Publishers Weekly - Publisher's WeeklyDespite sprightly illustrations, Hayes's (This Is the Bear) slight story about "Finders" is not itself a keeper. The book looks bright, with action-filled compositions in arresting colors. But the dynamic world of the art dims when joined with the bland text. Lucy Anna, off searching for her lost little red horse, stumbles on a pair of Finders--big, striped creatures that tell her, "We're hungry. We're going to eat you up." The girl stalls by interesting them first in a game of ninepins and then in other diversions. She and her horse finally escape when she suggests that they play hide-and-seek, and the foolish Finders go "on hiding and hiding. And no one ever [finds] them." With their elephant toes, anteater noses and ponytail topknots, the Finders are more goofy than menacing, but they are not believable even within the bounds of the story's imagined world. Insufficiently developed, Lucy Anna and her plight do not engage readers' emotions. Ages 5-7. (Nov.) Copyright 2000 Cahners Business Information.
Children's LiteratureInspired by a tiny painted horse in her workroom, Sarah Hayes created this story about a little girl named Lucy whose horse is taken by the Finders. The Finders like to take things that do not belong to them. When Lucy discovered her horse is missing, she marches into the woods to trick the Finders and get her horse back. After playing a game of ninepins, making a necklace, and eating nuts from her backpack, the Finders tell Lucy that they want to eat her. She and her horse run away and hide in the woods but the Finder's soon locate them. Lucy has a plan to trick the Finders. She tells them it is their turn to hide, and she will be the Finder. The plan works, and Lucy and her horse safely return home. The bright pictures are a delight. 2000, Candlewick Press, $15.99. Ages 4 to 8. Reviewer: Nicole Peterson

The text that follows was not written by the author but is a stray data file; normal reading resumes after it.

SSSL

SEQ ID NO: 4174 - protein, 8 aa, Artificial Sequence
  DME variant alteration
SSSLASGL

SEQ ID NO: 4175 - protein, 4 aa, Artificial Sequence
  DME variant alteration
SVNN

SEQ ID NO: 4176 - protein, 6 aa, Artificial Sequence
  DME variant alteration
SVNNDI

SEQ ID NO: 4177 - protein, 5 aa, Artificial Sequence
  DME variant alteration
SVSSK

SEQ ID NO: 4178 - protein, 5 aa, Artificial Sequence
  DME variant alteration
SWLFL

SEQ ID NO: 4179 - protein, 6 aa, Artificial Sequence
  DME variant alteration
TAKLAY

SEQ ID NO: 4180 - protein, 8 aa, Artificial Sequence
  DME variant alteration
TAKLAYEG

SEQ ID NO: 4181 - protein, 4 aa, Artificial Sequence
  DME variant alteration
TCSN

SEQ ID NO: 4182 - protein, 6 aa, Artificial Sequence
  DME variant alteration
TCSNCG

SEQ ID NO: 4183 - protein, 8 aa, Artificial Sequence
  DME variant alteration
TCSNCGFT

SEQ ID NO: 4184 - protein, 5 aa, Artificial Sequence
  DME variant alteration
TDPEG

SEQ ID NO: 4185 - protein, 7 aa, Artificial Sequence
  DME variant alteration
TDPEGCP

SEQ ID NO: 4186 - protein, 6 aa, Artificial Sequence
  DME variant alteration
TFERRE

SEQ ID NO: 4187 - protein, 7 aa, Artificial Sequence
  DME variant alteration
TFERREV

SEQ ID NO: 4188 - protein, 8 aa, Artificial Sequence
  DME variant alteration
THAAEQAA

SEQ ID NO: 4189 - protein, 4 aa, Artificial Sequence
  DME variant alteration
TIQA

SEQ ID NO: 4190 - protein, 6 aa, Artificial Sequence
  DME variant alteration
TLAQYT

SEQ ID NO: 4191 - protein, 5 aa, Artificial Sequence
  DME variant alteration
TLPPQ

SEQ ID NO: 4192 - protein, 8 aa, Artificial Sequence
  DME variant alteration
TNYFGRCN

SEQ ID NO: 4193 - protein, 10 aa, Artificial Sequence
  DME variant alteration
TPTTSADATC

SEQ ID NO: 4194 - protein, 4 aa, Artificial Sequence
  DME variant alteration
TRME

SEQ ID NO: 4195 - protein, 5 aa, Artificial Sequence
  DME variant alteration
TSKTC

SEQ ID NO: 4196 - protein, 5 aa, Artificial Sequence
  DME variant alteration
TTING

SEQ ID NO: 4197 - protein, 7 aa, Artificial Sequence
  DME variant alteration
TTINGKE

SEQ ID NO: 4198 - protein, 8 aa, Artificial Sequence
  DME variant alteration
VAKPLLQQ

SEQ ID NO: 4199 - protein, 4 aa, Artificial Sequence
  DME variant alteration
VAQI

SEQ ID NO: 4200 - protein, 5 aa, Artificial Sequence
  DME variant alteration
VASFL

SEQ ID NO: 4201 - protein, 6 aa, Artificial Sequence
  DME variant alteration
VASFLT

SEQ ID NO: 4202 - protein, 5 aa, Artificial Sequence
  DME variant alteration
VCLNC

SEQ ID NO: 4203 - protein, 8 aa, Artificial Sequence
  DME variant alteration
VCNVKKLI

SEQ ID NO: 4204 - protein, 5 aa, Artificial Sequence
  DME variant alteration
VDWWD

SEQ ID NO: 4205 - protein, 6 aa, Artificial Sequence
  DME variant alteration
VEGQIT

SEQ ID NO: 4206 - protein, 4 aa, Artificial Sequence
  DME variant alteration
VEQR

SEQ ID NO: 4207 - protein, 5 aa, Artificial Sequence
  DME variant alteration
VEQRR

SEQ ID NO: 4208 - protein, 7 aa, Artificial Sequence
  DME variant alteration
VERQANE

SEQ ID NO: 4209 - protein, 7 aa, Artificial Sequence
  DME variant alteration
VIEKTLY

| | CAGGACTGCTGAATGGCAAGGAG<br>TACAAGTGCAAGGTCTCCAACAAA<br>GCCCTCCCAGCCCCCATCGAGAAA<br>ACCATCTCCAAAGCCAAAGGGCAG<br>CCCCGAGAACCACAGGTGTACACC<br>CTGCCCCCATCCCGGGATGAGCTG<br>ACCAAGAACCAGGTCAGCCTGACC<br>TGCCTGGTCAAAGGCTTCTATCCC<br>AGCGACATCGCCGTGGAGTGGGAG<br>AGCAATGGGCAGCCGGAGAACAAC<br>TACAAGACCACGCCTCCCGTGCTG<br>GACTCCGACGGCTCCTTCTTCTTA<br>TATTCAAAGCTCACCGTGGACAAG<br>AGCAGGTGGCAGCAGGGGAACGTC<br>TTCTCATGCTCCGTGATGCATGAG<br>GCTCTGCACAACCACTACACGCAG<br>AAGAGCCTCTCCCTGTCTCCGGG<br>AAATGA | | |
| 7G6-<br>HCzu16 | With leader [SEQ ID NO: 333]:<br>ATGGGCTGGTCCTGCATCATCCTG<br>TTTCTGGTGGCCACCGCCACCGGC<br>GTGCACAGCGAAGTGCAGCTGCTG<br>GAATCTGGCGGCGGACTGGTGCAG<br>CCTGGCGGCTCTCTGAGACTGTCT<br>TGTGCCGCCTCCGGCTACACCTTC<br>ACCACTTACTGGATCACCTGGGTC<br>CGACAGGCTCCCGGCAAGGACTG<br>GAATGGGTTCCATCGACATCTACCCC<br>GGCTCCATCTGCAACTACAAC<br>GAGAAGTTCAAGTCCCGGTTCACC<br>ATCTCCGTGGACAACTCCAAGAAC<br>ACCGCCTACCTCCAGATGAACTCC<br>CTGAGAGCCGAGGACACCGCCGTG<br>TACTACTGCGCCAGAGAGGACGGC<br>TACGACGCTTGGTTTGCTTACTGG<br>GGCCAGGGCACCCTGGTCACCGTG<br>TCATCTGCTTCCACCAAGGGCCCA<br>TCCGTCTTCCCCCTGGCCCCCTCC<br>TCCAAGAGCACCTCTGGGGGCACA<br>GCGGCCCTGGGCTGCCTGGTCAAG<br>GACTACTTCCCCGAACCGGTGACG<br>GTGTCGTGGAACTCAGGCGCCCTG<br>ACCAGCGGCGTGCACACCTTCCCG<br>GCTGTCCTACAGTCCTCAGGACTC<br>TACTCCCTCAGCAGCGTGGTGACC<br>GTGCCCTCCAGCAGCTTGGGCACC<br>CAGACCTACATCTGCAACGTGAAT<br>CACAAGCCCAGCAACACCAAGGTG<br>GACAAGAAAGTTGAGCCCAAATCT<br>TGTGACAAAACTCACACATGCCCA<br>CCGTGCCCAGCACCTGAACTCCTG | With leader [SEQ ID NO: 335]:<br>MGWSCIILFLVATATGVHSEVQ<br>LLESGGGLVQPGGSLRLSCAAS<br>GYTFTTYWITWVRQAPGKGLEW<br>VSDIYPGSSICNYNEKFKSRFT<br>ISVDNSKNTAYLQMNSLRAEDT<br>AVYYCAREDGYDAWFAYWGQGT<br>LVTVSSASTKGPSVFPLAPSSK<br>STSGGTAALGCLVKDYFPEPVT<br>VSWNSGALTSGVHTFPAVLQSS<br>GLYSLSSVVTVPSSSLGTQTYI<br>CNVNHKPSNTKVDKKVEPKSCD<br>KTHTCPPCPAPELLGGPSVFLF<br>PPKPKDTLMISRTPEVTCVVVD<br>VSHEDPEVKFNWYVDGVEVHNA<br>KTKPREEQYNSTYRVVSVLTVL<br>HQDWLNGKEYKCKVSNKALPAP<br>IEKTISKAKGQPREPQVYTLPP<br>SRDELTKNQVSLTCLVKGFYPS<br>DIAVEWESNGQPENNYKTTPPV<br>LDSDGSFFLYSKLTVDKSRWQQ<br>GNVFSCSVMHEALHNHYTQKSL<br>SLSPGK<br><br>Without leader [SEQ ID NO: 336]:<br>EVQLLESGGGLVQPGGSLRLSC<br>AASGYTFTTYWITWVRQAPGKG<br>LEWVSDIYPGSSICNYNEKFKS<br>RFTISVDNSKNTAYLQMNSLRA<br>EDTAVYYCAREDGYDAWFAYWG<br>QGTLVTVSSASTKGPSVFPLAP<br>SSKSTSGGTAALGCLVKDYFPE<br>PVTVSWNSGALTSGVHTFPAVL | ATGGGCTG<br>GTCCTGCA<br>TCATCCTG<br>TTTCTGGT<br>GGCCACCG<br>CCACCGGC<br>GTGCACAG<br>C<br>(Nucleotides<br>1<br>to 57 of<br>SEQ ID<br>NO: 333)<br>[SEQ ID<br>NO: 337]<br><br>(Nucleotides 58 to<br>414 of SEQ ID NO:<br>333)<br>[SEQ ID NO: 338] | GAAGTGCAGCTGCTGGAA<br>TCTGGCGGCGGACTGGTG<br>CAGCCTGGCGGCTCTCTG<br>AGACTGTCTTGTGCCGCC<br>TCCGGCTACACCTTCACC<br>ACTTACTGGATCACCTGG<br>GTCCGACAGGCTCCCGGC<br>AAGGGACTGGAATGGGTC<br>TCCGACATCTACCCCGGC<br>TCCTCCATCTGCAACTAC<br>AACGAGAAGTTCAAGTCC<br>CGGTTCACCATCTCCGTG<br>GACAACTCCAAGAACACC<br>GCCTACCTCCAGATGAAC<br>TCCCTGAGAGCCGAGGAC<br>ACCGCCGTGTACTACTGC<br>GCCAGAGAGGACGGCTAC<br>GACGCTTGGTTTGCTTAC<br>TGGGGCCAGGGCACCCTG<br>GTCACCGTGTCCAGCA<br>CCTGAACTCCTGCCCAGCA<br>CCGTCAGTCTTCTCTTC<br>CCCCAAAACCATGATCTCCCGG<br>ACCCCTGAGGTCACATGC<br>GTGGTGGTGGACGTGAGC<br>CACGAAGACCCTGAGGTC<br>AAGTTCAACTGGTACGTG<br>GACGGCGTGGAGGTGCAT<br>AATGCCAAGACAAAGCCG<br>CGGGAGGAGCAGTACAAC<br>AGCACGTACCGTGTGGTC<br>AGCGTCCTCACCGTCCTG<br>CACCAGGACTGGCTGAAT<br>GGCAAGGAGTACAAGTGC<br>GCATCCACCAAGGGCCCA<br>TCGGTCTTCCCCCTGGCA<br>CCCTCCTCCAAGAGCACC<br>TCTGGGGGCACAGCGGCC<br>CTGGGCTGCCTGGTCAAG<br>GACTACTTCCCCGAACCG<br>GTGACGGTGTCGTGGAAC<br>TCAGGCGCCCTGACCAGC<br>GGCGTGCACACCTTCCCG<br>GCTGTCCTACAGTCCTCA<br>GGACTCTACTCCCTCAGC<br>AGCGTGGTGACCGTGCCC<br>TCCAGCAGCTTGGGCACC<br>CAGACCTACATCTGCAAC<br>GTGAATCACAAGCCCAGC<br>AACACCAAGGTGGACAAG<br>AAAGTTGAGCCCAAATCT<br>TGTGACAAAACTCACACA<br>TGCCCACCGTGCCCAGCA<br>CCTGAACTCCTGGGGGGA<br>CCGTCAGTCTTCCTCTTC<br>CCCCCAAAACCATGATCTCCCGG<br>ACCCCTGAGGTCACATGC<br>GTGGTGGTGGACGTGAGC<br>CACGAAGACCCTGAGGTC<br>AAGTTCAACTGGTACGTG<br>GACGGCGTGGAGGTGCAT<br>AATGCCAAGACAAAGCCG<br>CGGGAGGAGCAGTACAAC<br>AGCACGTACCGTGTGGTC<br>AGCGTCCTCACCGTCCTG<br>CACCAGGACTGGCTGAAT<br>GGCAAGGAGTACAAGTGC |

School Library Journal - School Library JournalK-Gr 1-In this modern-day fairy tale, two Finders (striped elephantlike creatures) come from the woods near Lucy Anna's house, find her red toy horse, and take it with them. The child sets out to get it back, outwitting the Finders at every turn to achieve her goal. The stylized cartoon artwork set against broad expanses of color is bright and cheerful. Lucy's red hair, her vibrant red tennis shoes, and the red horse all contribute to the book's visual appeal. A simple, mildly scary story with a self-reliant protagonist.-JoAnn Jonas, Carlsbad City Library, San Diego, CA Copyright 2000 Cahners Business Information.
Kirkus ReviewsLucy Anna fills her backpack with an apple, nine pine cones, a few whirligigs, and some nuts and ventures out into the forest to retrieve her stolen little red horse. She challenges"The Finders," who not only stole her horse but also threaten to eat her. This original fairy tale pits a spunky young girl against two enormous stuffed-animaltype creatures who like to play but whose main desire is to make a good meal out of her. Bravely, Lucy Anna outsmarts the monsters and rides her beloved horse home safely. Hayes's bold, colored-ink illustrations cover each two-page spread with action. Bigger than life-size creatures, somewhat silly, but just a little scary, confront the heroine in their fantasy forest lair. Little details like the toaster on the forest floor, a favorite clock under one of the Finder's arms, a trumpet snuggling into a crook of a tree, testament to their"findings," add interest and humor to the scenes. A pleasant story, a feisty heroine, and a good read-aloud. (Picture book. 5-7)
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